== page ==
Get more Mail & Guardian
Subscribe or Login

UN to help DRC disarm dissidents by force

United Nations peacekeepers will help the Democratic Republic of Congo’s (DRC) army disarm eastern dissident groups by force in violence-plagued North Kivu province, UN and Congolese commanders said.

Army soldiers and fighters loyal to renegade Tutsi general Laurent Nkunda clashed again on Thursday a few kilometres from Rutshuru, where the dissidents attacked an army base a day earlier and forced thousands of civilians to flee.

”Now that all peaceful means have been explored with no result … we will enter into a phase where there is no other solution than to constrain them to [reintegrate] without delay or conditions,” General Babacar Gaye, military chief of the UN peace mission Monuc, said in comments broadcast on Thursday on UN radio.

The army has battled Nkunda since he abandoned a peace deal in August, raiding government positions and forcing tens of thousands of civilians to flee.

Under diplomatic pressure to find a peaceful solution to the North Kivu crisis, President Joseph Kabila delayed a planned military offensive against Nkunda last month but ordered the rebels to disband and reintegrate the national army.

However, only a few hundred fighters have so far deserted Nkunda’s ranks, believed to total about 4 000, and Congolese army chief of staff General Dieudonne Kayembe said the time had come to launch operations against the rebels.

”I have come here precisely in order to establish plans for constraint, for the use of force. We will carry out this work of conceiving, of planning, with Monuc,” he said.

The operations would also target local Mai Mai militia, and Hutu-dominated Democratic Forces for the Liberation of Rwanda (FDLR) rebels also present in North Kivu, Gaye and Kayembe said.

Monuc’s 17 000-strong force has a mandate to operate with the army to re-establish security and protect civilians, but UN sources said for the time being it would limit its role to planning and logistical support for Congolese operations.

Civilians under fire

More than 370 000 civilians have fled fighting in the area this year.

Monuc denounced Wednesday’s assault on an army base in Rutshuru, 50km north of the provincial capital, Goma, as a war crime, and said Nkunda’s forces deliberately employed heavy weapons in a populated area.

UN soldiers and attack helicopters were readied to prevent the town falling to rebels and Nkunda’s fighters later withdrew.

A spokesperson for Nkunda said the raid was a counter-offensive after an army attack on rebel positions.

Last week Nkunda’s men targeted a military installation near a group of refugee camps just 10km outside Goma, forcing as many as 30 000 displaced to flee once again.

Nkunda has led a rebellion since 2004 and says he is defending the interests of his Tutsi ethnic group in eastern DRC. He accuses the army of siding with the Tutsis’ FDLR foes.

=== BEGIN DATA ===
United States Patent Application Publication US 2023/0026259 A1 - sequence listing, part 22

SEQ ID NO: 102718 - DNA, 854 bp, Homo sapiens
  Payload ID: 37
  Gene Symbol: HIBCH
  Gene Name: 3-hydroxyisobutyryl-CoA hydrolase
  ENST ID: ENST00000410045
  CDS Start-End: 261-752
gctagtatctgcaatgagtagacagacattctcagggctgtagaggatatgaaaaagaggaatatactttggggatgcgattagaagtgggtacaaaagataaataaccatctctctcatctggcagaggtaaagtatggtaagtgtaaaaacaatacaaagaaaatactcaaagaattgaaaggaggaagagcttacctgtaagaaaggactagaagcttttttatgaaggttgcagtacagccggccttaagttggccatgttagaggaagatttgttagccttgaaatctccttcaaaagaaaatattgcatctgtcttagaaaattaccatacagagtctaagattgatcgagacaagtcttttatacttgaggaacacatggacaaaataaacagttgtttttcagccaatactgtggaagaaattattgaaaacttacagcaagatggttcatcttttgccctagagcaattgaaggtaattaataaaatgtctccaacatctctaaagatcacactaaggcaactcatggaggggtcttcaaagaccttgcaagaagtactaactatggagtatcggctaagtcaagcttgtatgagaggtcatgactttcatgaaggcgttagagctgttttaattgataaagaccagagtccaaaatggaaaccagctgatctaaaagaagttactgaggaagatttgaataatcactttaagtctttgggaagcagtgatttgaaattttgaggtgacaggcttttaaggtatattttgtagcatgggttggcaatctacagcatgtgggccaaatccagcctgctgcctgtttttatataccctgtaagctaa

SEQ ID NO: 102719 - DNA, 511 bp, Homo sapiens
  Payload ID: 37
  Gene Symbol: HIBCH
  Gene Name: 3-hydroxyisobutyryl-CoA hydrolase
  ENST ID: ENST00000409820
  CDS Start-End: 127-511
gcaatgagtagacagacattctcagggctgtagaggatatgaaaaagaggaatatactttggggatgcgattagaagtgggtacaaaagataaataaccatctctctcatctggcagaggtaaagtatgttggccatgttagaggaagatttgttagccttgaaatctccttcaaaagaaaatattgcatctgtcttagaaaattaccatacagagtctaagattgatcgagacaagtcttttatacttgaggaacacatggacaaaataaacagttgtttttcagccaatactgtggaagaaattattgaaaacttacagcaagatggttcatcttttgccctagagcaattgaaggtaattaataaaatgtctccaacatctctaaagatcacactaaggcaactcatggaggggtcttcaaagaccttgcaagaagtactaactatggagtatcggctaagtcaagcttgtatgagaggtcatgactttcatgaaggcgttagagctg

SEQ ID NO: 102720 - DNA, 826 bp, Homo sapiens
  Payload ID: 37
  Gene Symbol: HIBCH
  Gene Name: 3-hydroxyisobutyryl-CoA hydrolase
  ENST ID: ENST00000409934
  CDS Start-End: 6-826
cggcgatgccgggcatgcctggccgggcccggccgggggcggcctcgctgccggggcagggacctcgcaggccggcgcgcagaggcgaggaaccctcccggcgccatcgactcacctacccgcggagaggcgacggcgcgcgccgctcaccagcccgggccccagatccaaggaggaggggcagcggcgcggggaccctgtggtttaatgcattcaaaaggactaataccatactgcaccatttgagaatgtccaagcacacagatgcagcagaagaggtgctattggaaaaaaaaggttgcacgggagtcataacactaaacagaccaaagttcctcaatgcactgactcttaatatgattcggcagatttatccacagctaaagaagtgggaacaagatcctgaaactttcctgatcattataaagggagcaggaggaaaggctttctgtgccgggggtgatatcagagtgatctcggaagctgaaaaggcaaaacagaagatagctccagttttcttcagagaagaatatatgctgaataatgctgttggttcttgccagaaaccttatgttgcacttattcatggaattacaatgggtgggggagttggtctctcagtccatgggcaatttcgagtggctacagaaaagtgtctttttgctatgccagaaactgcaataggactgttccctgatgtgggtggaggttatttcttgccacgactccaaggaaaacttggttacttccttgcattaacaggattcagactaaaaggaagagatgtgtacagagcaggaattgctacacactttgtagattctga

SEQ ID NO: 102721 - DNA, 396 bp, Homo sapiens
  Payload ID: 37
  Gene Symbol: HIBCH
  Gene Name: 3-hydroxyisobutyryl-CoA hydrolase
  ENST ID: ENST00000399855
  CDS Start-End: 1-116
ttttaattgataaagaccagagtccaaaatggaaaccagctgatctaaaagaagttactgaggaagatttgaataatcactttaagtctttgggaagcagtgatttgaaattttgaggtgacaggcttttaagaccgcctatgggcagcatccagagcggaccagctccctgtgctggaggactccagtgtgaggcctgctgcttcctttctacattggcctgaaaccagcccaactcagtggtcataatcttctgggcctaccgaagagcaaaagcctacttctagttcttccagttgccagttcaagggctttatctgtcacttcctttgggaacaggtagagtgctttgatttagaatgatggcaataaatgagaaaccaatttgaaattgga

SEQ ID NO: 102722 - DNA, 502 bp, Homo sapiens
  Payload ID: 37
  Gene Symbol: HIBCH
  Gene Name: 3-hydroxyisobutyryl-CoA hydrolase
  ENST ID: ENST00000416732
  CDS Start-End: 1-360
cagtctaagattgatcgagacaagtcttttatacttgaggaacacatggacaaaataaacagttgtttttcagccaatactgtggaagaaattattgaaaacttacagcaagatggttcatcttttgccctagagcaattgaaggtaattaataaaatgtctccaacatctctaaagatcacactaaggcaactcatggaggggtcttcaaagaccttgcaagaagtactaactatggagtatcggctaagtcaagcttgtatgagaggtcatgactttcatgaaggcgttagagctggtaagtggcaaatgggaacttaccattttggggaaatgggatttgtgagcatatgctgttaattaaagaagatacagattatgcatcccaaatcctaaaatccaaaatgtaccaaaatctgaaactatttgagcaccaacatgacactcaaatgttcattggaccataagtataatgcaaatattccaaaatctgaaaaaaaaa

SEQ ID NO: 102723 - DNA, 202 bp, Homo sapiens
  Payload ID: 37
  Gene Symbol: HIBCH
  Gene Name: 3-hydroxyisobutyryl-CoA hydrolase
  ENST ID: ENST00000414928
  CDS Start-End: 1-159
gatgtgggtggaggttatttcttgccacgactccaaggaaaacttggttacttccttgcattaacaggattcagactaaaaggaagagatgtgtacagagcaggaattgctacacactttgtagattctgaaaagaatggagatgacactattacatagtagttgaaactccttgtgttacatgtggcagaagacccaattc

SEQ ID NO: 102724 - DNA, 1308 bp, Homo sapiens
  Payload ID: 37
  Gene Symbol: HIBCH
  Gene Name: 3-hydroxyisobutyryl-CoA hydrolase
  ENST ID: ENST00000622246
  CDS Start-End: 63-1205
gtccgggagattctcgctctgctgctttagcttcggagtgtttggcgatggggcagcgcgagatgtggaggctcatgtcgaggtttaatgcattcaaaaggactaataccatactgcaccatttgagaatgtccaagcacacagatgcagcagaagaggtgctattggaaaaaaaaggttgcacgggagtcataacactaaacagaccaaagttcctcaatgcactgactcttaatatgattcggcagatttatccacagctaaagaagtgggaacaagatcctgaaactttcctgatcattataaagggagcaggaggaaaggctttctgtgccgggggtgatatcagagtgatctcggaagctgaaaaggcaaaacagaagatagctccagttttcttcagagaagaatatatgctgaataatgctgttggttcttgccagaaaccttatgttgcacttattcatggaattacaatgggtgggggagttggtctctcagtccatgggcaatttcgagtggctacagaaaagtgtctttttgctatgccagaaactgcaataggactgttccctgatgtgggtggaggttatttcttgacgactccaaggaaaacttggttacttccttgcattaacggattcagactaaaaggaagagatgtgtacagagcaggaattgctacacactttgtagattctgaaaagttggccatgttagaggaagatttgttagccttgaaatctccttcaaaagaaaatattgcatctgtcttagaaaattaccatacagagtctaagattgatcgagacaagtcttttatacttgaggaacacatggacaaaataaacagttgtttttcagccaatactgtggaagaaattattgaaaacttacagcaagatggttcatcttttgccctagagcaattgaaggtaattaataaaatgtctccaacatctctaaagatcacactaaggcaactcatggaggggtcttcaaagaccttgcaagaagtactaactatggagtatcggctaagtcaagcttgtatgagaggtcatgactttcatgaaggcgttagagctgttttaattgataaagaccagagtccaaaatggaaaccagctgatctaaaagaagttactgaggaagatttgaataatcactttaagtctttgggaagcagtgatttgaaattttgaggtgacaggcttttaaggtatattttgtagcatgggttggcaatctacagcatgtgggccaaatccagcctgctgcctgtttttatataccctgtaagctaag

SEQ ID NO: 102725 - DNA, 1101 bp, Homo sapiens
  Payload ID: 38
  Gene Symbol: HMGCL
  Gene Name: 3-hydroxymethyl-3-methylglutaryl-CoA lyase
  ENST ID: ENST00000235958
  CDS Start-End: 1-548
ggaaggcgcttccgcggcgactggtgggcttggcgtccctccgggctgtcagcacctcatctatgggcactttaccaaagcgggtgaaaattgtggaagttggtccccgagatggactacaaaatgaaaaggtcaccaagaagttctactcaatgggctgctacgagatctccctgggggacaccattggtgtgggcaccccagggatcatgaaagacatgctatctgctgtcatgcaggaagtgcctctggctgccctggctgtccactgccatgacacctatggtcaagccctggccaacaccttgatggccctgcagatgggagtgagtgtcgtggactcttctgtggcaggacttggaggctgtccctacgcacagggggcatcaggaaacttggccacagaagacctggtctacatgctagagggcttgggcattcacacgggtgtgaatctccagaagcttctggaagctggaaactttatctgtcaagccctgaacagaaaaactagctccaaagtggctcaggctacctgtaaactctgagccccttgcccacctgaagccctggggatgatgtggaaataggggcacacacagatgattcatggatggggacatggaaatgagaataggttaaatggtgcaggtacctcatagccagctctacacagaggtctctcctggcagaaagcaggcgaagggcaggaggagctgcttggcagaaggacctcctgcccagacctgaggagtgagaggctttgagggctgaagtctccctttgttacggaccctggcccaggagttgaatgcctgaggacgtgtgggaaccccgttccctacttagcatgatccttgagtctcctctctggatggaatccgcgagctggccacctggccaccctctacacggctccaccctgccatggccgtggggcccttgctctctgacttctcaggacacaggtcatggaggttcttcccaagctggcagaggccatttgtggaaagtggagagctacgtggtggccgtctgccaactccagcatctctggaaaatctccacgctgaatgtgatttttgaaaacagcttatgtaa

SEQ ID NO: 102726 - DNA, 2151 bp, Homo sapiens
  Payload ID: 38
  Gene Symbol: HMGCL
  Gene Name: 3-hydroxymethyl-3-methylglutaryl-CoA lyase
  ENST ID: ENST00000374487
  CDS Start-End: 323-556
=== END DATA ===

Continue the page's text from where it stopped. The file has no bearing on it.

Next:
Kabila, who has vowed to end conflict in the east that has continued since the country’s 1998 to 2003 war, denies supporting the FDLR.

His government agreed with Rwanda this month to disarm Hutu rebels, who include perpetrators of Rwanda’s 1994 genocide that killed an estimated 800 000 Rwandan Tutsis and moderate Hutus. — Reuters

Subscribe for R500/year

Thanks for enjoying the Mail & Guardian, we’re proud of our 36 year history, throughout which we have delivered to readers the most important, unbiased stories in South Africa. Good journalism costs, though, and right from our very first edition we’ve relied on reader subscriptions to protect our independence.

Digital subscribers get access to all of our award-winning journalism, including premium features, as well as exclusive events, newsletters, webinars and the cryptic crossword. Click here to find out how to join them and get a 57% discount in your first year.

Related stories


If you’re reading this, you clearly have great taste

If you haven’t already, you can subscribe to the Mail & Guardian for less than the cost of a cup of coffee a week, and get more great reads.

Already a subscriber? Sign in here


Subscribers only

DA’s egregious sexual harassment case finally begins

The party is accused of protecting a councillor, who’s also implicated in R1.2m graft

The ANC, DA and EFF ‘oblivious’ to climate crisis —...

The Climate Justice Charter Movement has critiqued the manifestos of the main parties contesting the local government elections and found them ‘shallow’

More top stories

Countries bear cross-border responsibility for harmful effects of climate change,...

The UN committee has been accused of ‘turning its back’ on the children who filed a groundbreaking legal complaint with it against five countries

Magashule files notice to have corruption charges dropped

Counsel for the suspended ANC secretary general tells court the former Free State premier falls outside category of who can be charged for corrupt activities

R1.5-billion in funding approved for riot-hit businesses

Agencies emphasise that speed is crucial to rescuing firms affected by July’s unrest

DA’s egregious sexual harassment case finally begins

The party is accused of protecting a councillor, who’s also implicated in R1.2m graft

press releases

Loading latest Press Releases…